12-05-2021 | By Robin Mitchell
Recently, Antmicro announced the release of its ARV module that integrates a RISC-V-based SoC and other supporting components. So what is RISC-V, what features does the new SoM contain, and is RISC-V about to explode?
What is RISC-V?
RISC-V is an open-source ISA that is jointly developed by researchers around the world with the University of California, Berkley, being the most predominant member. Before introducing RISC-V, most processor architectures such as x86 and ARM were (and still are), closed-sourced and proprietary. This means that anyone who wants to create a processor that is compatible with that ISA is required to seek a license from the patent holders.
While there are many architectures on the market, most of these cover microcontrollers and rarely make their way into everyday computing applications such as office and data centres. As such, the market is dominated by proprietary ISAs that can only be developed by the original patent holders (in this case, Intel, AMD, and ARM).
However, in 2010 researchers from the University of California conceived the idea of developing an open-source ISA that would allow anyone to create their own processor without the need for licenses or royalties. Thus, after several rounds of development, RISC-V was born, and the open-source nature of RISC-V allows any manufacturer to create a RISC-V compatible CPU.
Antmicro Releases RISC-V SoM
Recently, Antmicro (who has been involved with RISC-V development) announced the development of a new System-on-Module (SoM); the ARV Module. Powered by the StarFive 71x0 SoC, the SoM integrates all the major components needed to run a RISC-V computing system. In addition, the modular design allows the SoM to be easily inserted into designs.
The core of the new SoM is the StarFive JH7100 SoC which integrates two RISC-V cores with a maximum clock frequency of 1.5GHz. Also integrated into the SoC is a Tensilica Vision VPS DSP, NVLDA engine (for 1024MACs @ 500MHz), VPU with H264 and H265 at 4K at 60fps, Audio DSP, and TRNG and OTP security.
Connectivity is provided with DSI, CSI, HDMI, Gigabit Ethernet, dual ISP, and USB3.0 while the next release of the SoC will also integrate PCIe. However, the nature of the SoM means that there are no physical connectors (such as USB sockets), but instead, the signals are routed to contacts. Furthermore, the new SoM is compatible with the Antmicro Scalenode platform and is pin-compatible with the Raspberry Pi 4 Compute Module.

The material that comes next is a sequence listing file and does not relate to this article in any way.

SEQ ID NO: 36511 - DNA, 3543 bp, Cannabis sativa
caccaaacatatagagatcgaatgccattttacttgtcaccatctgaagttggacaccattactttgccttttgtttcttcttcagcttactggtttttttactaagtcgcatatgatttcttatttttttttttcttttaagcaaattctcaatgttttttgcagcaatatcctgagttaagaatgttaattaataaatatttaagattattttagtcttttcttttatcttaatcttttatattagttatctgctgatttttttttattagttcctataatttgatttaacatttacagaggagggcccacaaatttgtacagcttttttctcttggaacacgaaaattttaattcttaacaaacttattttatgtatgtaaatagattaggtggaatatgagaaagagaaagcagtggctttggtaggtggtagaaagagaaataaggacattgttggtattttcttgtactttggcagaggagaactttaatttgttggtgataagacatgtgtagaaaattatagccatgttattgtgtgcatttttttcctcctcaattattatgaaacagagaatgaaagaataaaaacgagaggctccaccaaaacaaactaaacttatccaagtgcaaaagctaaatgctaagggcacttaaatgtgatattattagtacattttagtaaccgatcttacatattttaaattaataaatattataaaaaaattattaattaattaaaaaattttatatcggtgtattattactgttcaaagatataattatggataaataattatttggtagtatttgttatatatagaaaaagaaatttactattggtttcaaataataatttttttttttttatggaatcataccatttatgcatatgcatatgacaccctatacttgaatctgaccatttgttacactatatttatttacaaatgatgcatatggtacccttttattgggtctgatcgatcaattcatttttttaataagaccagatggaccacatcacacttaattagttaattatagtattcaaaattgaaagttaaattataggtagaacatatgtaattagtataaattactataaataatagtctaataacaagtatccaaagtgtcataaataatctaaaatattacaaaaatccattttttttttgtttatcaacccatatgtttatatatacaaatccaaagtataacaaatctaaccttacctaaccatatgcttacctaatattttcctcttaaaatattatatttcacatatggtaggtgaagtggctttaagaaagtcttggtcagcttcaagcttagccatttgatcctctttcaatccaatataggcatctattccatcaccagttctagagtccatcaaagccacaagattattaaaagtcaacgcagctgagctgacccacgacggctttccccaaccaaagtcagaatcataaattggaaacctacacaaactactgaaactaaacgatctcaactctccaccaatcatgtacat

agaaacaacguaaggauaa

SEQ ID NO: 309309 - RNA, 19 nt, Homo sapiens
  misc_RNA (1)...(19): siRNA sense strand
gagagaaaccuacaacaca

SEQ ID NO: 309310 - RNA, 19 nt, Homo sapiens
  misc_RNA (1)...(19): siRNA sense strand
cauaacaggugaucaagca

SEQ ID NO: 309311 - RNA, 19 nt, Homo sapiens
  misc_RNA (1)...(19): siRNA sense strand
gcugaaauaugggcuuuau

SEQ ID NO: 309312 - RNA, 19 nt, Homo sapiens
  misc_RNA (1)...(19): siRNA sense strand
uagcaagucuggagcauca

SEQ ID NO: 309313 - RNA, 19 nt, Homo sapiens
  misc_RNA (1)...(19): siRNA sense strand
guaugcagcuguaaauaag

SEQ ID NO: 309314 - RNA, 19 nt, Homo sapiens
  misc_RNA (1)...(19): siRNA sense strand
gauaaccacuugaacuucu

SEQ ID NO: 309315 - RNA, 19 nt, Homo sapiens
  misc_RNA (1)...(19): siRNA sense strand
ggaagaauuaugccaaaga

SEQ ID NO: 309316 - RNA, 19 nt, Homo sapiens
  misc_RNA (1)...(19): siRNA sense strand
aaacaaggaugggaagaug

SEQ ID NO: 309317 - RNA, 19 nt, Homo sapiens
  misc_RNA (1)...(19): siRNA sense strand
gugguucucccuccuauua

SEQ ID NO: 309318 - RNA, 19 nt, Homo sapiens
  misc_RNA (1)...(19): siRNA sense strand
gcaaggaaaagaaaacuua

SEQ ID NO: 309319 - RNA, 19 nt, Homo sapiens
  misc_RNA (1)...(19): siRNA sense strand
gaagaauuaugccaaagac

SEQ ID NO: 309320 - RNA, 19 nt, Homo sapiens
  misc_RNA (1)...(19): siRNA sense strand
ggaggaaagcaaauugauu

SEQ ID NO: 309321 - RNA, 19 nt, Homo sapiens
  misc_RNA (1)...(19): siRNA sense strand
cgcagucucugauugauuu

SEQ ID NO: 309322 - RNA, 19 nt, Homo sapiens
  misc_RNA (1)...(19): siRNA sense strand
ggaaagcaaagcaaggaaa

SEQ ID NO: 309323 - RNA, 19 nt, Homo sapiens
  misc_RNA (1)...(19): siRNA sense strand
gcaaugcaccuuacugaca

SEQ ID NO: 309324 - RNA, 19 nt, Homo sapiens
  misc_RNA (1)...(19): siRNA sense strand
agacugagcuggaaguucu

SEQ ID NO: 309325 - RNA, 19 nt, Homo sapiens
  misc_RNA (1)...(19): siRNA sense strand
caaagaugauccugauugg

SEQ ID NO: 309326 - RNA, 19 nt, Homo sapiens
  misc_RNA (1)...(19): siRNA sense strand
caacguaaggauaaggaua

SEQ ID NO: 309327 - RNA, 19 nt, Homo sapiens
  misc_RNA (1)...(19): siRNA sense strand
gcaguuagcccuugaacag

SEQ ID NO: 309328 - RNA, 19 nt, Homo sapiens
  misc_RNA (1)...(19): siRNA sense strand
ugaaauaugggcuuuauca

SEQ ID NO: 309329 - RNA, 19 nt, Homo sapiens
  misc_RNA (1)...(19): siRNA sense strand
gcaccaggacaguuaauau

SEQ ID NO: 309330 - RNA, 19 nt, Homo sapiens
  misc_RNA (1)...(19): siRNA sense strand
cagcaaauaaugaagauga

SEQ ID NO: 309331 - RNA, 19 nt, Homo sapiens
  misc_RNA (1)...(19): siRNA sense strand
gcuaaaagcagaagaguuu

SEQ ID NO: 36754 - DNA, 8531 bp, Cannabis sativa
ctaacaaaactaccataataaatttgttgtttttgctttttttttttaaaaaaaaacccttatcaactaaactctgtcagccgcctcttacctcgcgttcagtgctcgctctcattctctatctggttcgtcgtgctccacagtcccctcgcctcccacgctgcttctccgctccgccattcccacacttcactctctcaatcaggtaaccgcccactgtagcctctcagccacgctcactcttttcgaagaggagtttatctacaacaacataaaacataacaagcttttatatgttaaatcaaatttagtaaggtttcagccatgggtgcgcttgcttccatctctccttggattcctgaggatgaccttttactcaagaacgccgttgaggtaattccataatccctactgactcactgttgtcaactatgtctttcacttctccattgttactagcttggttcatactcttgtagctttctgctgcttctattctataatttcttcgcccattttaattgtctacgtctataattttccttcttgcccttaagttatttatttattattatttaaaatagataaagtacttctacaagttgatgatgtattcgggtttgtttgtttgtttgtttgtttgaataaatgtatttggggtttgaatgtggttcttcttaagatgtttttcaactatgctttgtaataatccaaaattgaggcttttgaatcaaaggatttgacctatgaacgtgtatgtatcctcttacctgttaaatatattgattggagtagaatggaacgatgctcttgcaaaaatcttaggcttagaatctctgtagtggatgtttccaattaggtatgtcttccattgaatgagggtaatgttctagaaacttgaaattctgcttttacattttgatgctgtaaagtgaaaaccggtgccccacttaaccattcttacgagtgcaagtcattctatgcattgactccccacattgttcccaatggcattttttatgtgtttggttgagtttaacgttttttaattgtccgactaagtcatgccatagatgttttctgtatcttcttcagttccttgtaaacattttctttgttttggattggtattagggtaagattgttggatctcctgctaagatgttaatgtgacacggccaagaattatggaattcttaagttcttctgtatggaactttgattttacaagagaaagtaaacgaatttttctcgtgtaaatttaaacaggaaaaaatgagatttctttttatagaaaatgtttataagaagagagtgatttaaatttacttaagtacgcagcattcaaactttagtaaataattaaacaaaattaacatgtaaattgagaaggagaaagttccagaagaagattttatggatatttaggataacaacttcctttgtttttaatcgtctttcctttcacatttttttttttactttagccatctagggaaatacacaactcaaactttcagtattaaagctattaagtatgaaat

What does this development tell us about RISC-V?
The release of the SoM by Antmicro indicates two major shifts in the industry; the potential adoption of RISC-V and SoM in designs.
One of the biggest challenges faced with any new processor architecture is the lack of software and hardware support. For example, when RISC-V was introduced, there were no compilers in any language, not even an assembler. Of course, compilers are now becoming available in many common languages such as C and C++, but operating systems are still yet to support RISC-V. There are some Linux distributions that support RISC-V, but these are fringe operating systems that are not widely adopted. Therefore, you will not find RISC-V entering the home computer market anytime soon.
Now that Antmicro is developing an SoM using the RISC-V architecture, it enables designers to start experimenting with the platform as well as developing software solutions. However, the open-source nature of RISC-V may lead to cheaper processors which could provide engineers with an incentive to adopt. Therefore, RISC-V could become a major competitor against ARM as more designers move away from proprietary systems in favour of open-source platforms.
The packing of the RISC-V in an SoM presents engineers with multiple advantages and benefits the RISC-V movement. Firstly, the use of an SoM minimises the complexity in designing both prototypes and final designs as the SoM integrates all the major system components into a single package. Secondly, an SoM is potentially reusable, and if seated in a connector, can be interchanged with newer versions which simplify future upgrades. However, by far and large the most advantageous use of the SoM is that it will accelerate the development of RISC-V software.
Imagine the scenario where a new processor that provides many benefits was only available in chip form. Engineers who want to use the new platform would need to read the data sheet, learn how to connect it to other components, figure out how to route high-speed data lines, and then have the final product manufactured. In this scenario, the adoption of the new platform would be slow, and the lack of pre-made modules could even kill the movement altogether.
However, the new SoM allows engineers to test the new RISC-V architecture in no time at all. Only engineers who have already built a working system who want to reduce the size of their design need to worry about how to connect the processor to external circuitry physically.